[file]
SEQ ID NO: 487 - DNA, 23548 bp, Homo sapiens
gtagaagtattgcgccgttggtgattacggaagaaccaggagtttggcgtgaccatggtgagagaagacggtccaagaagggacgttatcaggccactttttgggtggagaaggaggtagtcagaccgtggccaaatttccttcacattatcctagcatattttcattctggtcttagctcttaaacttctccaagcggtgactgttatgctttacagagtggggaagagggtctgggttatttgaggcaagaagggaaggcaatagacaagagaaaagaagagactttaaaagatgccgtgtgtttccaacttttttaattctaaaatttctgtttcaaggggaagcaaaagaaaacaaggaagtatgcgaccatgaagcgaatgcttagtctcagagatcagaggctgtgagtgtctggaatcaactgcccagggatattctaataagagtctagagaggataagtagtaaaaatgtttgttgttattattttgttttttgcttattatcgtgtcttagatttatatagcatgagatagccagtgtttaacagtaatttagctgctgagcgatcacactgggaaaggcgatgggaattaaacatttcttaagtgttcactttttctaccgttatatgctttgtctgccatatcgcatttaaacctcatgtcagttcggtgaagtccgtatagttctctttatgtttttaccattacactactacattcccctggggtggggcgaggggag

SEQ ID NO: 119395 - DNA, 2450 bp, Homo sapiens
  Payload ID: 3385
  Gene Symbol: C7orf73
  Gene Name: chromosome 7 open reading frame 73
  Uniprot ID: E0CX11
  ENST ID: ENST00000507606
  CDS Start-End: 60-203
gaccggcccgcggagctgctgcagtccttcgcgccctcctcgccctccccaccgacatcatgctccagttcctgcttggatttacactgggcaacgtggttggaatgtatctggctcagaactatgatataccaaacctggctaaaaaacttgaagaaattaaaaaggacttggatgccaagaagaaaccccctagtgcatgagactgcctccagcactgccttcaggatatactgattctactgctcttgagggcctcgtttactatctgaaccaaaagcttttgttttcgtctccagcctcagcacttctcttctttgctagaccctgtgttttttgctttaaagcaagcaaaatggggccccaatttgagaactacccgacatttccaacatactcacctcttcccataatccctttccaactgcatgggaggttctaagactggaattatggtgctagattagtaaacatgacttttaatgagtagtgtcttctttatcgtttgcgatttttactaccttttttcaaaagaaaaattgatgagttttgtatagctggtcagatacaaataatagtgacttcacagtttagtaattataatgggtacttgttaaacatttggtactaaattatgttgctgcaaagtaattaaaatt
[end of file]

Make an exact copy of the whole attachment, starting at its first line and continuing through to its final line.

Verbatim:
SEQ ID NO: 487 - DNA, 23548 bp, Homo sapiens
gtagaagtattgcgccgttggtgattacggaagaaccaggagtttggcgtgaccatggtgagagaagacggtccaagaagggacgttatcaggccactttttgggtggagaaggaggtagtcagaccgtggccaaatttccttcacattatcctagcatattttcattctggtcttagctcttaaacttctccaagcggtgactgttatgctttacagagtggggaagagggtctgggttatttgaggcaagaagggaaggcaatagacaagagaaaagaagagactttaaaagatgccgtgtgtttccaacttttttaattctaaaatttctgtttcaaggggaagcaaaagaaaacaaggaagtatgcgaccatgaagcgaatgcttagtctcagagatcagaggctgtgagtgtctggaatcaactgcccagggatattctaataagagtctagagaggataagtagtaaaaatgtttgttgttattattttgttttttgcttattatcgtgtcttagatttatatagcatgagatagccagtgtttaacagtaatttagctgctgagcgatcacactgggaaaggcgatgggaattaaacatttcttaagtgttcactttttctaccgttatatgctttgtctgccatatcgcatttaaacctcatgtcagttcggtgaagtccgtatagttctctttatgtttttaccattacactactacattcccctggggtggggcgaggggag

SEQ ID NO: 119395 - DNA, 2450 bp, Homo sapiens
  Payload ID: 3385
  Gene Symbol: C7orf73
  Gene Name: chromosome 7 open reading frame 73
  Uniprot ID: E0CX11
  ENST ID: ENST00000507606
  CDS Start-End: 60-203
gaccggcccgcggagctgctgcagtccttcgcgccctcctcgccctccccaccgacatcatgctccagttcctgcttggatttacactgggcaacgtggttggaatgtatctggctcagaactatgatataccaaacctggctaaaaaacttgaagaaattaaaaaggacttggatgccaagaagaaaccccctagtgcatgagactgcctccagcactgccttcaggatatactgattctactgctcttgagggcctcgtttactatctgaaccaaaagcttttgttttcgtctccagcctcagcacttctcttctttgctagaccctgtgttttttgctttaaagcaagcaaaatggggccccaatttgagaactacccgacatttccaacatactcacctcttcccataatccctttccaactgcatgggaggttctaagactggaattatggtgctagattagtaaacatgacttttaatgagtagtgtcttctttatcgtttgcgatttttactaccttttttcaaaagaaaaattgatgagttttgtatagctggtcagatacaaataatagtgacttcacagtttagtaattataatgggtacttgttaaacatttggtactaaattatgttgctgcaaagtaattaaaatt